24. 24. • Four classes of normal regulatory genes are the targets of genetic damage: - growth promoting proto-oncogenes - growth inhibiting tumor suppressor genes - genes that regulate apoptosis - genes that regulate DNA repair
  25. 25. Essential Alterations for Malignant Transformation • • • • • • Self sufficiency in growth signals Insensitivity to growth-inhibitory signals Evasion of apoptosis Defects in DNA repair Limitless replicative potential Sustained angiogenesis (nutrition and waste removal)
  26. 26. • Ability to invade and metastasize • Ability to escape immune recognition and regulation • Oncogenes – are genes that promote autonomous cell growth in cancer • Proto-oncogenes – unmutated normal counterparts • Oncoproteins – products of oncogenes
  27. 27. Proto-oncogenes, Oncogenes and Oncoproteins • Mutations convert proto-oncogenes into constitutively active oncogenes that endow the cell with growth self-sufficiently • Growth factors • Growth factor receptors • Signal-transducing proteins
  28. 28. Oncogenes • Growth factors - PDGF-β-chain (astrocytoma, osteosarcoma) - Fibroblast growth factors (Stomach, bladder, breast cancers and melanoma) - TGF-α (astrocytoma, hepatocellular cancer) - HGF (thyroid)
  29. 29. • Growth factor receptors - EGF-receptor family (squamous cell carcinoma of the lungs, gliomas, breast and ovarian cancers) - CSF-1 receptor (Leukemia) - receptor for neurotrophic factors (Multiple endocrine neoplasia 2A and 2B), familial meduallry thyroid cancer) - PDGF receptor (Gliomas) - Receptor for stem cell factor (GI and soft tissue tumors)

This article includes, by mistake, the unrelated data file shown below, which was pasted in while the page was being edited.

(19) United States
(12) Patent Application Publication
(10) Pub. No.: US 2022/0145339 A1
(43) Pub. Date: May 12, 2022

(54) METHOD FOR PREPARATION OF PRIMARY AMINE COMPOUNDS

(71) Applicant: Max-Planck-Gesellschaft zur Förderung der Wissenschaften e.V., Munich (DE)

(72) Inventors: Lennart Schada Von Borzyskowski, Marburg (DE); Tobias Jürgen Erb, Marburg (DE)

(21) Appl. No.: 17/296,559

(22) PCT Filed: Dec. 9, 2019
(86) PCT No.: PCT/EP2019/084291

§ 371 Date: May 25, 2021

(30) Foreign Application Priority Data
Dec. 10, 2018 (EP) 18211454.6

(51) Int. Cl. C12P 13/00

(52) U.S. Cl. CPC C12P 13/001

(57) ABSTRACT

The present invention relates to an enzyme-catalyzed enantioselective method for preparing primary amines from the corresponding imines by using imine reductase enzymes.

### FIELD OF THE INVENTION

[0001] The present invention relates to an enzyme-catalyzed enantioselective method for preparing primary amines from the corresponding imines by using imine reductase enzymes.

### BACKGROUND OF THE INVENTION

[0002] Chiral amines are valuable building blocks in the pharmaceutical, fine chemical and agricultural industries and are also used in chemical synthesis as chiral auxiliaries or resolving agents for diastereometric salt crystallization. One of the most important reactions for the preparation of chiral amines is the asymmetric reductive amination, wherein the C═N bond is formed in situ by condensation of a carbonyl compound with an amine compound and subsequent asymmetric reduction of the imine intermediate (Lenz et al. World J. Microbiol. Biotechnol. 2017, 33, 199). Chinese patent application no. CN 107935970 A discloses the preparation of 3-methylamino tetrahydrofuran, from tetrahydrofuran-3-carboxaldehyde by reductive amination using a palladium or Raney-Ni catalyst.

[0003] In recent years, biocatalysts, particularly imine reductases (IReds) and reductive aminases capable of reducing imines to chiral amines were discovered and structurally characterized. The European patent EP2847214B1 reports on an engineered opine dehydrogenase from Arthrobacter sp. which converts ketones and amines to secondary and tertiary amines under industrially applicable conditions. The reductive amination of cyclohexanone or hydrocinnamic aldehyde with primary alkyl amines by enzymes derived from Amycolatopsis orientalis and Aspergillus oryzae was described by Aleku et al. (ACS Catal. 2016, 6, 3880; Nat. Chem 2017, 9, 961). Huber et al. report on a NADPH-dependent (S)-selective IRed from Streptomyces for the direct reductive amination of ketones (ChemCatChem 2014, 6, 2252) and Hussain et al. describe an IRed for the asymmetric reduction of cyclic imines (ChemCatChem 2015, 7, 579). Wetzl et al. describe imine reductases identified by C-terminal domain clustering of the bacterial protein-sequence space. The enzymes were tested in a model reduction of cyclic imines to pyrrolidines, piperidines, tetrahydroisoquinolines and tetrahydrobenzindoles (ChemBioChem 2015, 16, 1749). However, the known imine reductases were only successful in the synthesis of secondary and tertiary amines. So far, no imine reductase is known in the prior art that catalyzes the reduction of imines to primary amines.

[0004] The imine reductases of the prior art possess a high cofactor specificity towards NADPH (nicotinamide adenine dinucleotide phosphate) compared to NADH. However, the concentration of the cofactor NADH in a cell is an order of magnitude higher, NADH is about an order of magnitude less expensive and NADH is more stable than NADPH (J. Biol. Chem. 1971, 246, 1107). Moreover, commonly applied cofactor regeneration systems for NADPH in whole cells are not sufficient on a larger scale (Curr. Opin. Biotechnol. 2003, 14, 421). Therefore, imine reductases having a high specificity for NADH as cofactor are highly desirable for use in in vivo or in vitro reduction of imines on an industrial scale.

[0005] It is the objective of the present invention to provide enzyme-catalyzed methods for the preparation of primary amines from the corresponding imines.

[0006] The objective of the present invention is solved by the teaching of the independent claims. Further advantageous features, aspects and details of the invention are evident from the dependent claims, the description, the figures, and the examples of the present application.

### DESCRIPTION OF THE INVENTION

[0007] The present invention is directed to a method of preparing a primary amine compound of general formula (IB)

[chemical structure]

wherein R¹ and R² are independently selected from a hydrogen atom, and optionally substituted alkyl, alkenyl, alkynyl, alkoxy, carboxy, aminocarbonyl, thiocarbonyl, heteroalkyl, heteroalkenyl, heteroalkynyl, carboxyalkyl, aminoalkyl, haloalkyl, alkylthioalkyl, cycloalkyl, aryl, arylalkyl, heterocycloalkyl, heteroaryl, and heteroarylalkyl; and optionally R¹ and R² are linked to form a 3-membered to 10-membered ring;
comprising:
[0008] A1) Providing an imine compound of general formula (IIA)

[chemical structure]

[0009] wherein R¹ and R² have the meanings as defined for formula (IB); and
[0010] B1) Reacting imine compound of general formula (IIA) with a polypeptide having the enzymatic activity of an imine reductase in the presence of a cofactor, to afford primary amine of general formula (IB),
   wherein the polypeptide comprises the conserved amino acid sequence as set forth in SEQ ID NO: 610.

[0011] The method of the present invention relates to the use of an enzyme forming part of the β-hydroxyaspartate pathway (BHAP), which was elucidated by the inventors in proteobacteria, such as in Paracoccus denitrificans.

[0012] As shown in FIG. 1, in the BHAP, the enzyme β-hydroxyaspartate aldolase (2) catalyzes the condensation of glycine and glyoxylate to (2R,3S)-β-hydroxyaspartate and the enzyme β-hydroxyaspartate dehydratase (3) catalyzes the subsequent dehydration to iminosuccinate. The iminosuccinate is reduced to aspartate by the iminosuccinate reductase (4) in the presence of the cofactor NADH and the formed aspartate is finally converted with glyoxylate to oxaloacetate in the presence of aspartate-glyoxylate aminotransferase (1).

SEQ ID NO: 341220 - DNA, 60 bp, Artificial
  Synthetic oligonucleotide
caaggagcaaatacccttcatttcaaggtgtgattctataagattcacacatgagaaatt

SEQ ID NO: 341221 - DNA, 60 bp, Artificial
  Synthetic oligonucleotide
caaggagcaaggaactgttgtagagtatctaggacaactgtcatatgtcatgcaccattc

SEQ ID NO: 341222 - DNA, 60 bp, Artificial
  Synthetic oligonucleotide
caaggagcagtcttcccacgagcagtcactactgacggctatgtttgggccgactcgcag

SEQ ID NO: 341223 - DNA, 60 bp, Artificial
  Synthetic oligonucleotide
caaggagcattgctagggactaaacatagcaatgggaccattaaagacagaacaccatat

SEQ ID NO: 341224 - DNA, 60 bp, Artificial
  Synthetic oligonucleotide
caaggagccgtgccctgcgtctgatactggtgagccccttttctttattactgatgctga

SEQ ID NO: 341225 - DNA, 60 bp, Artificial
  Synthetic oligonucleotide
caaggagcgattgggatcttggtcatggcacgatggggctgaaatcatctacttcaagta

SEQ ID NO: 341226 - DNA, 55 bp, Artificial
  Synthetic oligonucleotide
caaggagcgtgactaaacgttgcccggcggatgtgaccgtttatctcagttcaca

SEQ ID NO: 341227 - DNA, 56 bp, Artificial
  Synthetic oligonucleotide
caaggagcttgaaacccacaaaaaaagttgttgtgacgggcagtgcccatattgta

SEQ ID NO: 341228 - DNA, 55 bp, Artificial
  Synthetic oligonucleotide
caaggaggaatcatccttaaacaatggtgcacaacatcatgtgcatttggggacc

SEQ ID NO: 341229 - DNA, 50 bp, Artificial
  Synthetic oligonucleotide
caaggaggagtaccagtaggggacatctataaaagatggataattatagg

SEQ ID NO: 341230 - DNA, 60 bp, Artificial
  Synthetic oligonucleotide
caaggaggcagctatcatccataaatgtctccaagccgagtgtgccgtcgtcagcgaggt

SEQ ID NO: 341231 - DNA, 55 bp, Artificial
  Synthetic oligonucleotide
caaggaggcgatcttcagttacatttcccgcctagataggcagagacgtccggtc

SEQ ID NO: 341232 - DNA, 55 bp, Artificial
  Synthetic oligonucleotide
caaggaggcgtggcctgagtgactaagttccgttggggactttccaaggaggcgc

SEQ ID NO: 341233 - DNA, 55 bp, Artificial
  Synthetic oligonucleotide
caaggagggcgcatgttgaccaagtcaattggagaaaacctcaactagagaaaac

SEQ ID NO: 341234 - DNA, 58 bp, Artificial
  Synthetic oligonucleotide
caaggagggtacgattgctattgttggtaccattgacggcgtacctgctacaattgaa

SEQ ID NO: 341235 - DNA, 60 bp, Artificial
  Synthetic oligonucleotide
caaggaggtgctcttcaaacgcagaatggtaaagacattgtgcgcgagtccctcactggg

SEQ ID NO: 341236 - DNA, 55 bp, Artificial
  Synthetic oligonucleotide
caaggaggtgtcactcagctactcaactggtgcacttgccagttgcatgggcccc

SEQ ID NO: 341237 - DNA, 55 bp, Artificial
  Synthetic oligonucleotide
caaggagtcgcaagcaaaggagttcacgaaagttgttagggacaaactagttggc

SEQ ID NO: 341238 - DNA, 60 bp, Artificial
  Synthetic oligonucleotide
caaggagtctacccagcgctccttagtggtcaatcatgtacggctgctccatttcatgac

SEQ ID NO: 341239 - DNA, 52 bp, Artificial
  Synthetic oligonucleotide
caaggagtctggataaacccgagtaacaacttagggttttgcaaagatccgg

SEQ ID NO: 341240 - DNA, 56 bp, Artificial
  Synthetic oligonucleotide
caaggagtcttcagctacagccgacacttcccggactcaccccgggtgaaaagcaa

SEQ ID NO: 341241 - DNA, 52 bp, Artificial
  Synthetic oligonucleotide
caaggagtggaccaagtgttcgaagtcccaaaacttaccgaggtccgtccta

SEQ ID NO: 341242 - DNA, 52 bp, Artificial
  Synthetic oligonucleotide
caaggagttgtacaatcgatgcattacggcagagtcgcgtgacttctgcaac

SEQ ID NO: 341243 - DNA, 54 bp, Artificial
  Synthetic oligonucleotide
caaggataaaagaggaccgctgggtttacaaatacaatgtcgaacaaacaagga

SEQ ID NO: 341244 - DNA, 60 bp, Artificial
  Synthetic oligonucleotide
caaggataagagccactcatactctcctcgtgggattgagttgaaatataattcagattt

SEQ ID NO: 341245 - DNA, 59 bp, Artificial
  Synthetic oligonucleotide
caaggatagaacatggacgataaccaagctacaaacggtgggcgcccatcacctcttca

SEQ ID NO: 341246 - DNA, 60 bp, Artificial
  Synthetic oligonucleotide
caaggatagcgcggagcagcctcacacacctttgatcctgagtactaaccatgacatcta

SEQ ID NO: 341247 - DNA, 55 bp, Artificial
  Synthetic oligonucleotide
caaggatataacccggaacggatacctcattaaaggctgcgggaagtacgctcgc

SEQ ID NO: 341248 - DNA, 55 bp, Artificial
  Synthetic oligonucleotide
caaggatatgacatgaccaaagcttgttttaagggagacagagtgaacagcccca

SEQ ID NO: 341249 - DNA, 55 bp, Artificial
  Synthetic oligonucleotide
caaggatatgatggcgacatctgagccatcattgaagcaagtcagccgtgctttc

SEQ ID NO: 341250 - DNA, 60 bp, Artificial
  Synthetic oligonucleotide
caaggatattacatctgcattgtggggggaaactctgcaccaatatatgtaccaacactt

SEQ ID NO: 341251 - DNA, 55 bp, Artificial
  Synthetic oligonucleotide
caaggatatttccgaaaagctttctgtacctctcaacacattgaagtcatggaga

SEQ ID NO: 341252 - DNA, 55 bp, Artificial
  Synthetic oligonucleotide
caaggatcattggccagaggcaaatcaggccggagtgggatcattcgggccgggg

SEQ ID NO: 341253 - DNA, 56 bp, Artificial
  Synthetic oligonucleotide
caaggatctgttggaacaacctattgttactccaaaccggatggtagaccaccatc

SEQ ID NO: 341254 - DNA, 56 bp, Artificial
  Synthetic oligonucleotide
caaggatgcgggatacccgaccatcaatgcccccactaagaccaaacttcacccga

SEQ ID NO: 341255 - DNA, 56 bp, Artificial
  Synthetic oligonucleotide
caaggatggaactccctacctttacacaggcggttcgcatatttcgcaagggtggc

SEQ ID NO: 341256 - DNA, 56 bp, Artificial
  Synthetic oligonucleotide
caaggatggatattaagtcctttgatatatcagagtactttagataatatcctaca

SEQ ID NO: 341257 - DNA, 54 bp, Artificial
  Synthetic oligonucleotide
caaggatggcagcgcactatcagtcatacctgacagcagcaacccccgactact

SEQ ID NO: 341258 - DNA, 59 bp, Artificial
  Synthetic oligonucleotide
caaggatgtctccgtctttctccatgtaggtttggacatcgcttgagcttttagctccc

30. 30. • Proteins involved in signal transduction - GTP-binding (RAS) (Colon, Lung, Pancreatic, bladder and kidney tumors, melanomas, hematologic) - nonreceptor tyrosine kinase (chronic myeloid and acute lymphoblastic leukemia) - RAS signal transduction (melanomas) - WNT signal transduction (hepatoblastomas and hepatocellular carcinoma)
  31. 31. • Nuclear Regulatory Proteins - Transcriptional activators (MYC) (Burkitt lymphoma, neuroblastoma, small cell carcinoma of lungs) • Cell Cycle Regulators - Cyclins (Mantle cell lymphoma, Breast and esophageal cancers, Breast cancer - Cyclin-dependent kinase (glioblastoma, melanoma, sarcoma)
  32. 32. Carcinogenic Agents • Chemical - initiation (direct acting and indirect acting agents) - promotion • Radiation (UV and ionizing) • Oncogenic viruses and microbes (Heliobacter pylori, HPV, EBV, Hepatitis B and C)
  33. 33. Host Defense Against Tumors • Tumor antigens • Antitumor Effector Mechanisms • Immune Surveillance and Escape
  34. 34. Clinical Aspects of Neoplasia • Location and impingement on adjacent structures • Functional activity (hormone production) • Bleeding and infection • Symptoms from tumor rupture or infarction • Cachexia (wasting)
  35. 35. Grading and Staging • Grading – based primarily on the degree of differentiation (how well the tumor resembles its normal counterpart), architectural features or number of mitoses • Staging – based on size of the primary tumor and the extent of local and distant spread
  36. 36. Laboratory Diagnosis • • • • Histologic and cytologic method Immunohistochemistry Flow cytometry Molecular diagnosis